Tom
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Old 22-08-2013, 07:33   #20
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Re: Boat Size vs Slip Size

Quote:
Originally Posted by JK n Smitty View Post
Hey, everyone has there own personal preferences. Me, I would much rather be on the hook or a ball than in a trailer park.

As I do with all things cruising, I typically go to Cap'n Fatty Goodlander as my guide: I believe that the ability to anchor is the bedrock skill of a cruising sailor. I've lived my whole life swinging to my own anchors.

Fair winds,

Jesse

Well, really ... trailer park? You must have been in some pretty shabby marinas!

Hook out if you want, but there's no point in insulting the people who like shore power and a real shower once in a while. Those who live on the hook are not superior to those who choose a marina. Living on the hook means you spend a lot more time doing ordinary, everyday things, which leaves less time for interesting ones. Like everything in sailing, it's a trade-off.

Before someone chooses a mooring over a marina, I suggest they consider dinking back and forth to do the laundry, grocery shopping, not to mention seeing friends. The reality is that once you've gone out to your boat at the end of the day, you're not likely to come in just to have a glass of wine with a friend. You miss out on all sorts of casual contacts with people, who given half a chance, might become a friend.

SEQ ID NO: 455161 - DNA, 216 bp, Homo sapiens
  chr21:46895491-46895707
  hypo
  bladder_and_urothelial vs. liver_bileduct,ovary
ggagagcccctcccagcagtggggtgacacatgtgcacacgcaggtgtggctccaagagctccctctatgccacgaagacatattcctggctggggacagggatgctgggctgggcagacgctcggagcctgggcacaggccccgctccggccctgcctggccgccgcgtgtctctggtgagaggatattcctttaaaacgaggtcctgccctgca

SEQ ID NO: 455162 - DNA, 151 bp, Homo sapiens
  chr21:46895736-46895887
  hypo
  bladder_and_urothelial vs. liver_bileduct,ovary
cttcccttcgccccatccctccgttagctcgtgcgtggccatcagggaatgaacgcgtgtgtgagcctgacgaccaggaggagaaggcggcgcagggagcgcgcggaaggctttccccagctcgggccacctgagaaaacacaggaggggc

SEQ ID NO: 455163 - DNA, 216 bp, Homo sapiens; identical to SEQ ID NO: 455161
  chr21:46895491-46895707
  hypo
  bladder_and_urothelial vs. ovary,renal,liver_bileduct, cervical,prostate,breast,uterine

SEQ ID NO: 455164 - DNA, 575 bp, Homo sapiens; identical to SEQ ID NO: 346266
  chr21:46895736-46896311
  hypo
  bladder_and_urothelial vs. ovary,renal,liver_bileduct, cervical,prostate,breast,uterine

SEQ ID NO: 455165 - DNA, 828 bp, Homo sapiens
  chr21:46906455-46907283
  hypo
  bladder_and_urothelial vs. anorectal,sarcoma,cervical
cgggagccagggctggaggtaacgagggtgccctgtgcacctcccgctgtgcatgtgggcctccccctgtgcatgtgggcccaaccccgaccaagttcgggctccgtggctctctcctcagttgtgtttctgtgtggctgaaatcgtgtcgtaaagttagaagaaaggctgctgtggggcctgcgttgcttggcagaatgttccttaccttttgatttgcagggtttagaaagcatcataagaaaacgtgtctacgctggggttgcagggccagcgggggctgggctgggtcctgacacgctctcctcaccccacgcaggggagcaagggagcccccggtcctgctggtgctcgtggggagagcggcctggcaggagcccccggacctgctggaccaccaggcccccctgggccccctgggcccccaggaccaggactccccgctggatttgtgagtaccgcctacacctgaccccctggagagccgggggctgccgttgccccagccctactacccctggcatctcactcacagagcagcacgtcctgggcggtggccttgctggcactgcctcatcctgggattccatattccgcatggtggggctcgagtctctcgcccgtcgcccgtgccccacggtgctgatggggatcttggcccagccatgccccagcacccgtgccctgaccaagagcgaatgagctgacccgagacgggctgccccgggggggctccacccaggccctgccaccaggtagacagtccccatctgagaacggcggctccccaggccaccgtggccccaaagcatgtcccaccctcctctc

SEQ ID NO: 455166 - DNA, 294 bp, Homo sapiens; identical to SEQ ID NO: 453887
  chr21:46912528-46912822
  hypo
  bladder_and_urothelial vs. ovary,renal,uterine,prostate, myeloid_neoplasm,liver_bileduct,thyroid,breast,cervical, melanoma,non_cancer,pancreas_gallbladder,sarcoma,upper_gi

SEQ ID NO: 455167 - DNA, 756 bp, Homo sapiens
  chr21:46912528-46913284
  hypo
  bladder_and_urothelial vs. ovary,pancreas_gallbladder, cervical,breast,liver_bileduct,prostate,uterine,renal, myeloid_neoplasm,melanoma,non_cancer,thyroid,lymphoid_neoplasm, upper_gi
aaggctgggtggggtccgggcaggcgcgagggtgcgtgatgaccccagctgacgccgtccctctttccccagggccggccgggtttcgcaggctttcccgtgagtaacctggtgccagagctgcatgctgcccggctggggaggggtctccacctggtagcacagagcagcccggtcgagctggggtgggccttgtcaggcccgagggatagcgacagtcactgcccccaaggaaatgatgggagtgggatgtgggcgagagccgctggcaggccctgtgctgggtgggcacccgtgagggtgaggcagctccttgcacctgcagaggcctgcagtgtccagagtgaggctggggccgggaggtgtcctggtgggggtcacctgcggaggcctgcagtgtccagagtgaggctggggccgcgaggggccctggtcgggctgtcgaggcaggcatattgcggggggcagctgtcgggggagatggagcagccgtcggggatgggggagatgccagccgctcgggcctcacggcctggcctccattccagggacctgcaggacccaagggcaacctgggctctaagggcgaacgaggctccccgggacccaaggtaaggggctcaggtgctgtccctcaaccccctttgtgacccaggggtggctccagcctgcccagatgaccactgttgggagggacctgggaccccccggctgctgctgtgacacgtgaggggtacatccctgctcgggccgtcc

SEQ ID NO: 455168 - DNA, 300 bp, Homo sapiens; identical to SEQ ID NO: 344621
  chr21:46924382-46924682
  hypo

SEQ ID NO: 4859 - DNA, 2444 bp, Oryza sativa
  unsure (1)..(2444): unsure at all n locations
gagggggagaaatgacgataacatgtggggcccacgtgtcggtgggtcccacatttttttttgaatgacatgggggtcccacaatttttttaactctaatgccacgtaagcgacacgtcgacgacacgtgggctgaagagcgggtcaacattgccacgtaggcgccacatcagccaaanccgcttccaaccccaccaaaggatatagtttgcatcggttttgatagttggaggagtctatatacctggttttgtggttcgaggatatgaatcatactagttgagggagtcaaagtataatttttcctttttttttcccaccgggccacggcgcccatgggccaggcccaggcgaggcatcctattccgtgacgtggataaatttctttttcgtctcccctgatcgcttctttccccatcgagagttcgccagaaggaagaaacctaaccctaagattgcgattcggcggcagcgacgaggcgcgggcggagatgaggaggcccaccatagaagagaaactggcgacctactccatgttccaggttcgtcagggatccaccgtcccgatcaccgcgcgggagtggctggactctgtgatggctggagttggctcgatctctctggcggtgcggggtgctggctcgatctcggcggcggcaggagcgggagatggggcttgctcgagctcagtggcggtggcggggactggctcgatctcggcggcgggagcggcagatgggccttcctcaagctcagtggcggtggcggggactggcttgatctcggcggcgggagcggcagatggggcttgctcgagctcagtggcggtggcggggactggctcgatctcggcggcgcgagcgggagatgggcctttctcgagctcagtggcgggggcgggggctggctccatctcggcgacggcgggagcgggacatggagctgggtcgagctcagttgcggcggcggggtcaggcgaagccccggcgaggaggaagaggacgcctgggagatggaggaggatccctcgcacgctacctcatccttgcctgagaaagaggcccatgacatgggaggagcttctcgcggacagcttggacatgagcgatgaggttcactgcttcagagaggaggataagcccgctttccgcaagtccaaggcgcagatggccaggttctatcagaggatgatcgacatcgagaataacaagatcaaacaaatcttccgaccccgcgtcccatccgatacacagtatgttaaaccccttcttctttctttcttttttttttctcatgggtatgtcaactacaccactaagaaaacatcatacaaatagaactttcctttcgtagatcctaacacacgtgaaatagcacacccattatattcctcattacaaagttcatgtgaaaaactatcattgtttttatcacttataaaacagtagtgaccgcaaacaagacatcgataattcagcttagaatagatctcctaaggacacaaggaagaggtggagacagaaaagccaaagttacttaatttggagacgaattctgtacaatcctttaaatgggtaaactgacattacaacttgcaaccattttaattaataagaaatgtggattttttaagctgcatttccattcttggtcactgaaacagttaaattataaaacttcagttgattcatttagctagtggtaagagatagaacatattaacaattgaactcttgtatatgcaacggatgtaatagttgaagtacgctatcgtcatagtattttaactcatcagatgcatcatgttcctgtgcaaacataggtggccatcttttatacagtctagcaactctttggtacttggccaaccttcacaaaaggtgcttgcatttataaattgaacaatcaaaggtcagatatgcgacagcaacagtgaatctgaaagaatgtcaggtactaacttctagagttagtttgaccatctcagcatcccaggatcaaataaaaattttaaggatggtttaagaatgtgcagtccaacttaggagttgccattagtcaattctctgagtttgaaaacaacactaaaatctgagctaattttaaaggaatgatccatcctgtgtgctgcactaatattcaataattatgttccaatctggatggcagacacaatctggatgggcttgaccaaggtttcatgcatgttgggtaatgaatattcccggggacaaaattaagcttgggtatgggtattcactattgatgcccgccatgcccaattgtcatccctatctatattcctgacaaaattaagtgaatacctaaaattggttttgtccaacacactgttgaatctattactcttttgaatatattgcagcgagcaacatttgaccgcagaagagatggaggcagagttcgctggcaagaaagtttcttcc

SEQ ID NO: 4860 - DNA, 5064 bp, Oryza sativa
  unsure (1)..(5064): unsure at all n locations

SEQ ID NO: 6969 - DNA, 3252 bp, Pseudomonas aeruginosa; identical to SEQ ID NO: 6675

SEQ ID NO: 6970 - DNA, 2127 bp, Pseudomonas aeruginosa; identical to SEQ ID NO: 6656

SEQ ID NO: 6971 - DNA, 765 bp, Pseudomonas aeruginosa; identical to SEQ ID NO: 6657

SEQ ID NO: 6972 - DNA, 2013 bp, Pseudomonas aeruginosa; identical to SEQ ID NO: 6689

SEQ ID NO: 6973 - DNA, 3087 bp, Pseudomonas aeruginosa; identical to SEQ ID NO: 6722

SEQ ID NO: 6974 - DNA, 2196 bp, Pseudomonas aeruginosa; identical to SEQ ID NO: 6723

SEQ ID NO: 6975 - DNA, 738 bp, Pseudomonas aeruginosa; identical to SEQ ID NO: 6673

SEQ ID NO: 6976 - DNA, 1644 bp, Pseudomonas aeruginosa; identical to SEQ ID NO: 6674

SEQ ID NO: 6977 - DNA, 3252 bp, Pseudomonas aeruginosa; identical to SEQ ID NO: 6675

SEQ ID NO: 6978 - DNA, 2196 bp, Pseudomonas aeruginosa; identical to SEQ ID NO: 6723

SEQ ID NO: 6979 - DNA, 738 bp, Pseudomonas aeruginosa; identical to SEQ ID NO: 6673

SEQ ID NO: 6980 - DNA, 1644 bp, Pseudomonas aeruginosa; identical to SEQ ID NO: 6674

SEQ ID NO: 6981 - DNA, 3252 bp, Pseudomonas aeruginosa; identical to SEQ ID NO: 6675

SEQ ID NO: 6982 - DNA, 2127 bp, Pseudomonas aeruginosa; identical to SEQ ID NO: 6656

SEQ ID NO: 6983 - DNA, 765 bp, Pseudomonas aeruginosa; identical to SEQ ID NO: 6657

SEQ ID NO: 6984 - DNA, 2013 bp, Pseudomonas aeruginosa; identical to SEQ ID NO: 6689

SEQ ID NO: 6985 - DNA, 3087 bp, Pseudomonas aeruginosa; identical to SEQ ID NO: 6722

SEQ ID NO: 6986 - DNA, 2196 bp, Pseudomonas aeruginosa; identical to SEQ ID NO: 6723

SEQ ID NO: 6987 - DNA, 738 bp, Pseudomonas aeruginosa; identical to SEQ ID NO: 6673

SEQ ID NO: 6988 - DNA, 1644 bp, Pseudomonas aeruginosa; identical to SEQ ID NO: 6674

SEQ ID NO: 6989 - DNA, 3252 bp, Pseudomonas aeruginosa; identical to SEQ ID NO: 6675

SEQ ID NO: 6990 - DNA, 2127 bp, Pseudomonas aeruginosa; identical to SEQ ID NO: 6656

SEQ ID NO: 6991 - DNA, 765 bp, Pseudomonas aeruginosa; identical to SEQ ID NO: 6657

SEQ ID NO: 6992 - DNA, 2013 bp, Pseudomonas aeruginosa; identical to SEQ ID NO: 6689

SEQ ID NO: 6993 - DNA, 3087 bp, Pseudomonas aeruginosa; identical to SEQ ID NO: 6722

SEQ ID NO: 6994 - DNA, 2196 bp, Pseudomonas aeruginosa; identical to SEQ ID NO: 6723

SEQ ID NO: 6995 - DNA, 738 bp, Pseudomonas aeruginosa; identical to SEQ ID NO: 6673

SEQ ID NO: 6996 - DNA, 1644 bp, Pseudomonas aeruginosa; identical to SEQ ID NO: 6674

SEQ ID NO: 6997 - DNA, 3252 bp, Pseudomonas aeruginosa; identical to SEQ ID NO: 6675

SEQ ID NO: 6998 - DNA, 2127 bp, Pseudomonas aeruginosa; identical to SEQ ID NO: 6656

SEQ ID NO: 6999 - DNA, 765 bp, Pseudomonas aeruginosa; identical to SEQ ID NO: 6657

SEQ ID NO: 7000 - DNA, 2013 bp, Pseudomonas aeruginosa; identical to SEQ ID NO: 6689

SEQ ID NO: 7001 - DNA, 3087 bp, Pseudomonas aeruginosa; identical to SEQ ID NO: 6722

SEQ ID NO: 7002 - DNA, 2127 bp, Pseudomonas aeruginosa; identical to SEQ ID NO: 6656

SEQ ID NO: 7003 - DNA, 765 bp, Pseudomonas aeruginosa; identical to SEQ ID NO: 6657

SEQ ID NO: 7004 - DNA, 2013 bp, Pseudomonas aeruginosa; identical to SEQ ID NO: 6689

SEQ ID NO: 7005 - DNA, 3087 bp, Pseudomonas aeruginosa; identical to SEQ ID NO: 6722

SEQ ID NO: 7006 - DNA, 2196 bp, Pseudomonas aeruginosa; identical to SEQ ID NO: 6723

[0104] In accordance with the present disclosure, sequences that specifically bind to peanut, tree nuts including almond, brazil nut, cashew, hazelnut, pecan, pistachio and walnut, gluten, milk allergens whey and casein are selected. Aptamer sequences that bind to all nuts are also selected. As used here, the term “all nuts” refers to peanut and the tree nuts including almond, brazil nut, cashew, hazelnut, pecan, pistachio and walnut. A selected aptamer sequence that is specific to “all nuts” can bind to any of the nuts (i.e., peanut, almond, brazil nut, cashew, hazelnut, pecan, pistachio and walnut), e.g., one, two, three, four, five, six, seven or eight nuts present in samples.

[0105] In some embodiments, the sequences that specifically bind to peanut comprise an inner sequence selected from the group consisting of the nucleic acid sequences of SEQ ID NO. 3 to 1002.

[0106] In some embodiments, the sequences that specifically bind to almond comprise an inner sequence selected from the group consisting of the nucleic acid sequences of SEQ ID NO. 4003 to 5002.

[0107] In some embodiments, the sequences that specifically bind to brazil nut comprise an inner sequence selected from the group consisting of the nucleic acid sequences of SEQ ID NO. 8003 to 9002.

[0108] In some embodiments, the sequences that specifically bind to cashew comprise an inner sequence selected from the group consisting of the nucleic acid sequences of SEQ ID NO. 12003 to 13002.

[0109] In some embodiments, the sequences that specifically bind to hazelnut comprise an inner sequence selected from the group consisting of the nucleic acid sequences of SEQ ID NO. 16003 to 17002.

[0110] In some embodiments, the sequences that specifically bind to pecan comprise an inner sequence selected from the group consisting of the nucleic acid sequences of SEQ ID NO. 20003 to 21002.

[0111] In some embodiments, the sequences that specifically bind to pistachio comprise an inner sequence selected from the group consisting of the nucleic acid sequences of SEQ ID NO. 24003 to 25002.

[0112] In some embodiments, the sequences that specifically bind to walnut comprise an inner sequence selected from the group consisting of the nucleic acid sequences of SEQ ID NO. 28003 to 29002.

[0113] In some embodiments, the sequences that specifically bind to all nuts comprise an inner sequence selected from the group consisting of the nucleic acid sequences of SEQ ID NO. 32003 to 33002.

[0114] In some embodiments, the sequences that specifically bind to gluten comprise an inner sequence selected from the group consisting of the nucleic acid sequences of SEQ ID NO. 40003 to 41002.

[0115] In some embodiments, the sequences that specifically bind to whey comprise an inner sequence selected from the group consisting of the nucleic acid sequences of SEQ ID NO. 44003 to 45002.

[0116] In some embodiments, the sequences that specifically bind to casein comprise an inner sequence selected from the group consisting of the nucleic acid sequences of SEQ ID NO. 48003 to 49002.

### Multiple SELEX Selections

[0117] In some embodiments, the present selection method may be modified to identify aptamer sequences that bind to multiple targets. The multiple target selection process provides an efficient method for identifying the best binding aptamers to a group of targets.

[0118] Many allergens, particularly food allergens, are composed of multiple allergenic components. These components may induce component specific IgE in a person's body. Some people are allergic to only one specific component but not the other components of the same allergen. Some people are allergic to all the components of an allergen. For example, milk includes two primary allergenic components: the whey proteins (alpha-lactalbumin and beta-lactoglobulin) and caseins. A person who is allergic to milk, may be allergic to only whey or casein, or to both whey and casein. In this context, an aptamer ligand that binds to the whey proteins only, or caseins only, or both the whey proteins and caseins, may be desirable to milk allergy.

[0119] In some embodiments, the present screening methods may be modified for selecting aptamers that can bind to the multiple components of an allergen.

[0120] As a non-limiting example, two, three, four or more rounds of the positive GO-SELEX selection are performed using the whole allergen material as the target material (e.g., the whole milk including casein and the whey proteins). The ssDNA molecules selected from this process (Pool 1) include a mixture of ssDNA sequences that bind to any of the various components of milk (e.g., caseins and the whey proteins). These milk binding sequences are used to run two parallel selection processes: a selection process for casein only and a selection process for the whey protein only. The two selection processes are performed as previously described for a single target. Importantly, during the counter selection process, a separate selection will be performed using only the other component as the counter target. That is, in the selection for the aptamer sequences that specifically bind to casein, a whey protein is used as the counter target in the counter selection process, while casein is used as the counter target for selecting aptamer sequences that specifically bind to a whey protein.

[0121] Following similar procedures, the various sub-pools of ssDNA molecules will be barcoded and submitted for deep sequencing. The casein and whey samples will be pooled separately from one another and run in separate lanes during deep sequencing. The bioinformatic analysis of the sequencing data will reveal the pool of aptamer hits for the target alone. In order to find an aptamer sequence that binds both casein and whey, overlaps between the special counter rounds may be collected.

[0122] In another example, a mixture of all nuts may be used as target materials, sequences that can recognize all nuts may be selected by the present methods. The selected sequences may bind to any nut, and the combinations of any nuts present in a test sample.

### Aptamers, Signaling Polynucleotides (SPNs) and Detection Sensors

I think I have the best of both worlds, and I'm really glad I didn't have to dink in last Monday night in the storm we had to get to chorus rehearsal sopping wet.

In my marina, we have locked, coded gates. This means that I can sleep in my cockpit safely, something that as a single female I wouldn't want to do anchored out. We may hear from some female here who thinks that's safe, but I don't.

Another thing to think about is if you get sick or injured. I was very sick earlier this year and a neighbor brought me food (pretty nice, considering that he is apparently "trailer trash" like me!) Now I'm dealing with an injured back (yeah, it's been a bad year), and I'm glad I don't have to do all the exertion to dink in to see my doctor. In addition, my seedy little marina has not only a heated pool but a hot tub, and that hot tub has been my best friend the last 10 days or so.

Different strokes for different folks, and no need to get insulting about it.
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Old 22-08-2013, 09:18   #21